Next up we were off to discover the Place de la liberte. This unassuming square was once the residing place of Poitiers guillotines during the revolution.  Now, it holds a miniature, replica, Statue of Liberty which was cast by Frederic Auguste Bartholdi, the very same man who designed the original. 

With dinner plans at some local friends, we had just enough time for an espresso before we headed out. 

If you're in the region, be sure to stop in to the old town of Poitiers and lose yourself in all that ancient!

Wednesday, 2 May 2012

Chateau de La Roche-Courbon

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First real travel post! yay! Let's get some culture up in here.

The last time I was in this region of France, we went to visit the Chateau de La Rochefoucauld, and without realizing it (until it was too late, and we felt like fools) met Lady Rochefoucauld and had a very pleasant chat in her front garden.

This time around, I didn't meet the Lady (or Lord) Roche-Courbon, but I did ramble around their former grounds for the better part of 2 hours, and what a place it was!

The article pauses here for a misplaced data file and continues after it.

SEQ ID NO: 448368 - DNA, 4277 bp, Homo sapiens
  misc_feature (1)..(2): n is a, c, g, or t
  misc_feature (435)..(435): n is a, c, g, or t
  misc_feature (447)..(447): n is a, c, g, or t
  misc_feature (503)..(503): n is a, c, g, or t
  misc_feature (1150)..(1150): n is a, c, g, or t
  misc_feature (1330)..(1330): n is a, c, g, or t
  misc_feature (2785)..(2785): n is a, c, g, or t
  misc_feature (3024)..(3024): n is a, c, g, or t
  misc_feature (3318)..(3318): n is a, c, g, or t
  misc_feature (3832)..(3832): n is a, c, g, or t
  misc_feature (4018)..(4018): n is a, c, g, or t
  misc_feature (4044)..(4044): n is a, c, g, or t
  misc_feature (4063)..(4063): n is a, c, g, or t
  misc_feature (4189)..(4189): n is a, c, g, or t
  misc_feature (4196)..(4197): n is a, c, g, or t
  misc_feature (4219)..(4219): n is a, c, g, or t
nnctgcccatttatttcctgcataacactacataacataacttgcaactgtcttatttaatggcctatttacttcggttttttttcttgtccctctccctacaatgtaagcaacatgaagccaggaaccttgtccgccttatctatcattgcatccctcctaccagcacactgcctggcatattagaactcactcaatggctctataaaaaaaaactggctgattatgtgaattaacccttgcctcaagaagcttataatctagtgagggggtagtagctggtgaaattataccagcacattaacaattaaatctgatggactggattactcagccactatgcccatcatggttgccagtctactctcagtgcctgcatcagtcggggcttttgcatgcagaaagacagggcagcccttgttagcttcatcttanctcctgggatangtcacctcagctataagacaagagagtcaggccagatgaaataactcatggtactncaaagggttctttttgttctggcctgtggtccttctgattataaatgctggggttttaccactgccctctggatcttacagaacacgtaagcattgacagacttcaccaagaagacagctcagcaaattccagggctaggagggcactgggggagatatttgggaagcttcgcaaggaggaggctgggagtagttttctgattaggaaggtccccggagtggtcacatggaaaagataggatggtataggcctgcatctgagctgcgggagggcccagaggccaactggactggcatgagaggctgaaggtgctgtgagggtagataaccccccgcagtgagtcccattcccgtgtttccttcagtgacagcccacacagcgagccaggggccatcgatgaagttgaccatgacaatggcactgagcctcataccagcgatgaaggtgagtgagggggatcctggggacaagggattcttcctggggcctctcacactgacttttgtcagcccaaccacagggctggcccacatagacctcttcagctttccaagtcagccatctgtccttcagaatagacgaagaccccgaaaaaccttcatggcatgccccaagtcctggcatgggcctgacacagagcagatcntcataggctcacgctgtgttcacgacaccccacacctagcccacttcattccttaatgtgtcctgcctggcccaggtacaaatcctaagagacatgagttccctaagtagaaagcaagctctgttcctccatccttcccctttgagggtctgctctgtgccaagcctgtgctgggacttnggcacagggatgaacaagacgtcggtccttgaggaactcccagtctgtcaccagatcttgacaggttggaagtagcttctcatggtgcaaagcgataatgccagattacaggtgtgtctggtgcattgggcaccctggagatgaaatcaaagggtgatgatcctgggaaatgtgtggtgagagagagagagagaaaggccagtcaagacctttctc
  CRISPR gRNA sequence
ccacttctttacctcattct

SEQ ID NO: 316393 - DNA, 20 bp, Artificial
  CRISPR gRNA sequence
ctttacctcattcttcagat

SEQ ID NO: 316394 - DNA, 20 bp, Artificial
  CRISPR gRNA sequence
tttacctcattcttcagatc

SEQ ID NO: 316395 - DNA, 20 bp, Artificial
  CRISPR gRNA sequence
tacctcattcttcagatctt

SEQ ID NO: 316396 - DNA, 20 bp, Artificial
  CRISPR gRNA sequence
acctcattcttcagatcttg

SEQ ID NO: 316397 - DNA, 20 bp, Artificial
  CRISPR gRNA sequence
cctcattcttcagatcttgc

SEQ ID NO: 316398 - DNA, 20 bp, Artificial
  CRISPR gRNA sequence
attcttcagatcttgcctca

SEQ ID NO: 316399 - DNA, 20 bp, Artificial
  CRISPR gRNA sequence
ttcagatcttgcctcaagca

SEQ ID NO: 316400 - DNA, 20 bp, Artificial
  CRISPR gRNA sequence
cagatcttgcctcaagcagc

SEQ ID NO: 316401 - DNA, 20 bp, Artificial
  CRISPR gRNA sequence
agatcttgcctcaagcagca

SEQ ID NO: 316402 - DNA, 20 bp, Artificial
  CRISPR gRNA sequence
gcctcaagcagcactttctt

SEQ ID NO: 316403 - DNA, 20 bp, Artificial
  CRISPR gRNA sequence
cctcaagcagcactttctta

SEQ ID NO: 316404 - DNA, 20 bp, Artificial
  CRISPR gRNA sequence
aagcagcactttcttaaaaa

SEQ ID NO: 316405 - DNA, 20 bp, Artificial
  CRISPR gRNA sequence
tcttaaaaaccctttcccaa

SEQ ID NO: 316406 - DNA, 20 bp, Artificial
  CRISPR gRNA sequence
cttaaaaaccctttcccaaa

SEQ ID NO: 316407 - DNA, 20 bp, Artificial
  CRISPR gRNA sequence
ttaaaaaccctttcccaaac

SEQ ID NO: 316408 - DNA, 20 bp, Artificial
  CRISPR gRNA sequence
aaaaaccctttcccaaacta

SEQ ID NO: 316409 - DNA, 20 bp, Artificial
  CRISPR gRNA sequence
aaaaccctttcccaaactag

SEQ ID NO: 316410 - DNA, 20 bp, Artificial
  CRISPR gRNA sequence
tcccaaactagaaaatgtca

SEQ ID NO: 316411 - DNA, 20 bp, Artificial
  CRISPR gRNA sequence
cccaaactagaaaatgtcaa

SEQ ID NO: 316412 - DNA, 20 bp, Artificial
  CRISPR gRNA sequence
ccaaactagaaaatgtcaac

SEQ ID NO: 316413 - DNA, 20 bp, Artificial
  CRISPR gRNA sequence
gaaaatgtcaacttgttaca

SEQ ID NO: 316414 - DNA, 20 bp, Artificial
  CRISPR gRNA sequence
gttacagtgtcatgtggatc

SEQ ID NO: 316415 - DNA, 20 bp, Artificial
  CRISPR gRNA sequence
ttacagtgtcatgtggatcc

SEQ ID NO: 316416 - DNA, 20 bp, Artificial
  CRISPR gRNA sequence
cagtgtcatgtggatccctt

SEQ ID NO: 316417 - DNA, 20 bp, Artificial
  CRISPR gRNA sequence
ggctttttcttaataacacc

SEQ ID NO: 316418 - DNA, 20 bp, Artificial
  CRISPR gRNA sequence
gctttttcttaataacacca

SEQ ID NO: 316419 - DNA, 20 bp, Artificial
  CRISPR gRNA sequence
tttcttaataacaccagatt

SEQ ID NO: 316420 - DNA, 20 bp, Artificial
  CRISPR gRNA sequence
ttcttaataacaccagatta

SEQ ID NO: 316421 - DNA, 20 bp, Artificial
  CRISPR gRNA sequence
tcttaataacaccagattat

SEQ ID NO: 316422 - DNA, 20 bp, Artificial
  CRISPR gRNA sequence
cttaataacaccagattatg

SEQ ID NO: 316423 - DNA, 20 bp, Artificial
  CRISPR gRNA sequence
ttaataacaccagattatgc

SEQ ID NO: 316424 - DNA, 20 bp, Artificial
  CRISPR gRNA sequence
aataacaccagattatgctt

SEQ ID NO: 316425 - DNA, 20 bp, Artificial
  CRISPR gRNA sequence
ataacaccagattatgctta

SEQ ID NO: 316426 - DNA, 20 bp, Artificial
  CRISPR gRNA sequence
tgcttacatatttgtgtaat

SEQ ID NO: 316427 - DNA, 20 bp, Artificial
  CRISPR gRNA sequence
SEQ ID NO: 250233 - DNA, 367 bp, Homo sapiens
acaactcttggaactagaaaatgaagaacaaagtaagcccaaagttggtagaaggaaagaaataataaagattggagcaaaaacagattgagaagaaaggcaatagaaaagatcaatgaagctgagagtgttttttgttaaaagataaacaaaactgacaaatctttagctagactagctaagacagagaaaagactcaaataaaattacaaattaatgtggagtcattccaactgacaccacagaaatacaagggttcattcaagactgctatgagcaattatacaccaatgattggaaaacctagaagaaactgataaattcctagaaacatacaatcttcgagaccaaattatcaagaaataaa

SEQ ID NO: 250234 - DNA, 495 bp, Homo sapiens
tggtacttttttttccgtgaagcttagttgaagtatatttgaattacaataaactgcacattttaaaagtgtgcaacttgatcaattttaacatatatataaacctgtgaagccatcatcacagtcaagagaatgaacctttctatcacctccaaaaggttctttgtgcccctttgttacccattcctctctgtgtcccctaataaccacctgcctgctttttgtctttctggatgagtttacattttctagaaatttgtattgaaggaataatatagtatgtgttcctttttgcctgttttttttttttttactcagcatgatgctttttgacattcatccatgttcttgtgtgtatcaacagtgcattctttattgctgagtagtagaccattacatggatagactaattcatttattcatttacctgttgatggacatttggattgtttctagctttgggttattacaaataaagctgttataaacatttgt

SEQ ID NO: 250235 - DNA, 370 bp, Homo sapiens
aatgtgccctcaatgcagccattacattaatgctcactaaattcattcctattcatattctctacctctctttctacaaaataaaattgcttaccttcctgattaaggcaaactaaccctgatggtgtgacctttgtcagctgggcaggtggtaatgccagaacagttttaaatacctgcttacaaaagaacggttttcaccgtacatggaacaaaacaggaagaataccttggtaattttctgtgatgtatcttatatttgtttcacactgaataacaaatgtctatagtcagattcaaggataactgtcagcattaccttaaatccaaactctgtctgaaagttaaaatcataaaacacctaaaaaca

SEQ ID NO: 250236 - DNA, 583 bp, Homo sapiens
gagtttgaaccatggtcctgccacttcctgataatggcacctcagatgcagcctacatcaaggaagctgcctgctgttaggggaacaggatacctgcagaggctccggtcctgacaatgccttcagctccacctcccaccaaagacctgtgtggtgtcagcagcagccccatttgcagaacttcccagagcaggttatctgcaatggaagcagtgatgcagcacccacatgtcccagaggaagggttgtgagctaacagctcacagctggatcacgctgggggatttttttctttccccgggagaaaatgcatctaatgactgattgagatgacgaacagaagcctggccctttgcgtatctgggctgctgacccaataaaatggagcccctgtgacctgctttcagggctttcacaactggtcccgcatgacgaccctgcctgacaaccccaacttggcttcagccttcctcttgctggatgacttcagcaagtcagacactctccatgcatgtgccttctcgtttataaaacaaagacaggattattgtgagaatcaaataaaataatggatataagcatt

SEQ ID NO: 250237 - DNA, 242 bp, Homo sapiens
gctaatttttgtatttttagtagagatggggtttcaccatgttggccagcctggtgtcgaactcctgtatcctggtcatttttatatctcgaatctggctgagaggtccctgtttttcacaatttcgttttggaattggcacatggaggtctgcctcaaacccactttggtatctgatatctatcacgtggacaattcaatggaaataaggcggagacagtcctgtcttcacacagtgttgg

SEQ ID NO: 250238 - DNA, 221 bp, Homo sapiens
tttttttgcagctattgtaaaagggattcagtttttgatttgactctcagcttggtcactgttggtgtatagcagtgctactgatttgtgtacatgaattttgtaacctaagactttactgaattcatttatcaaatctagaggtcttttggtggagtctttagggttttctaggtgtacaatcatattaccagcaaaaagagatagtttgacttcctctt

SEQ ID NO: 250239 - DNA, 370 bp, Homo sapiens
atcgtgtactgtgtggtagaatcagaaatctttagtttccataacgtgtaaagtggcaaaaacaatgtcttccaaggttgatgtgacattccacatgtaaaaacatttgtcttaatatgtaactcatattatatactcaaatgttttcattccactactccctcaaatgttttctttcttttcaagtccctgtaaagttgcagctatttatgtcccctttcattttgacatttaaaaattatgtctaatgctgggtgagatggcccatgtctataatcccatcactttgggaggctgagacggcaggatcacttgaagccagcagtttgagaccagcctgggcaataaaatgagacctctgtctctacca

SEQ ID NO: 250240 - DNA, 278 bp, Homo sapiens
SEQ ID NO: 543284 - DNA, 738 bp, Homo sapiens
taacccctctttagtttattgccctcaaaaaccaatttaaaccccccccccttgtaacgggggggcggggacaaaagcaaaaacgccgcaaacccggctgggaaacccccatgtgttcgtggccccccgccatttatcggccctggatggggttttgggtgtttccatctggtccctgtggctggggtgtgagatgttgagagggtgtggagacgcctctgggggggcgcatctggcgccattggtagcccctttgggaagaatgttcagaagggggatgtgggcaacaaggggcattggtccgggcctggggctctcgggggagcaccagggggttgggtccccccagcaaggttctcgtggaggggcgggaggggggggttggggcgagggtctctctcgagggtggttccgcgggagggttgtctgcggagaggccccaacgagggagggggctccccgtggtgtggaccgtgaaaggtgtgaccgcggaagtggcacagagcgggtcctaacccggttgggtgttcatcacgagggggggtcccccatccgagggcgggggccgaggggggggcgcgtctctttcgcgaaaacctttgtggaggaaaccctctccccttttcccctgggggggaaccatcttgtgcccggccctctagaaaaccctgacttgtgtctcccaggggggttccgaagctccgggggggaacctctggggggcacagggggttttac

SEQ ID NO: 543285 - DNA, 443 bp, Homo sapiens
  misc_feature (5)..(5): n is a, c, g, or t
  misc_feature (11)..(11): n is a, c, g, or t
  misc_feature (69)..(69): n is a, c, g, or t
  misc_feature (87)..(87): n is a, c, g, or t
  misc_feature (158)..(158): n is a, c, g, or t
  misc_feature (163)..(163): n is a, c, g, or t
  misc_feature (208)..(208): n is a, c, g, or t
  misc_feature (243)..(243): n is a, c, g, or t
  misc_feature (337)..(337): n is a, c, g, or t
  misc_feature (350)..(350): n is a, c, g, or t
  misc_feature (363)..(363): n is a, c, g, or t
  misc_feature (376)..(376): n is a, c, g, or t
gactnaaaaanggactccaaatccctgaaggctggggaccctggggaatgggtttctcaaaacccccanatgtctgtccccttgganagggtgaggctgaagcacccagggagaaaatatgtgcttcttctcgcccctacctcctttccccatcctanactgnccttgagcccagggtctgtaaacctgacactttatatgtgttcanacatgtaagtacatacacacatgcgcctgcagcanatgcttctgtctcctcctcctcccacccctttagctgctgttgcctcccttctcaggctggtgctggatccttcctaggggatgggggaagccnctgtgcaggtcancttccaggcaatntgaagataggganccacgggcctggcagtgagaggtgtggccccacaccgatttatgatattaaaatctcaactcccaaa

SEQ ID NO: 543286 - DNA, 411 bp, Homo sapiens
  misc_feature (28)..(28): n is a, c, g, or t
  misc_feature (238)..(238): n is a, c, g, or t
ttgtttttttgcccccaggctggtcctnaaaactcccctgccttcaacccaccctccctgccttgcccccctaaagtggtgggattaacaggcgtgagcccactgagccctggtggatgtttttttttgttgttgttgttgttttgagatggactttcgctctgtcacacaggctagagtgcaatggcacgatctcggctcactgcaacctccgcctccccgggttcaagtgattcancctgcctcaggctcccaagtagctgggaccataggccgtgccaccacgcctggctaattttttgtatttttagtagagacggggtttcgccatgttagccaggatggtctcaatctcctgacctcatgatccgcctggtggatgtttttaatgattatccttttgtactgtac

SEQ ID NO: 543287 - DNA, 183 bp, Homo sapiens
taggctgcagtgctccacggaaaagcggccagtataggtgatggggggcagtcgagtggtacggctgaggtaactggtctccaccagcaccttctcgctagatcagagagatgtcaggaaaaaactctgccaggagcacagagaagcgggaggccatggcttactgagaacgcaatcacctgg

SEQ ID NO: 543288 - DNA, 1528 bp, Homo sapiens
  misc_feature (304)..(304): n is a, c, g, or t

The castle was built around 1475 by Jehan de Latour, on site which had been inhabited since prehistoric times. In the 17th century, the Courbon family, which had occupied the castle for two centuries, transformed the castle into a more comfortable residence. More alterations were made in the 18th century, but the castle was eventually sold in 1817 and then abandoned. It was purchased in 1920 by Paul Chénereau, who restored the castle and its gardens. The castle is still owned and inhabited by his descendants (source)

We missed the last tour to see the inside of the chateau (it is still a private residence, so tours are required to see inside and happen twice per day), but the grounds were expansive enough that we spent a full afternoon wandering.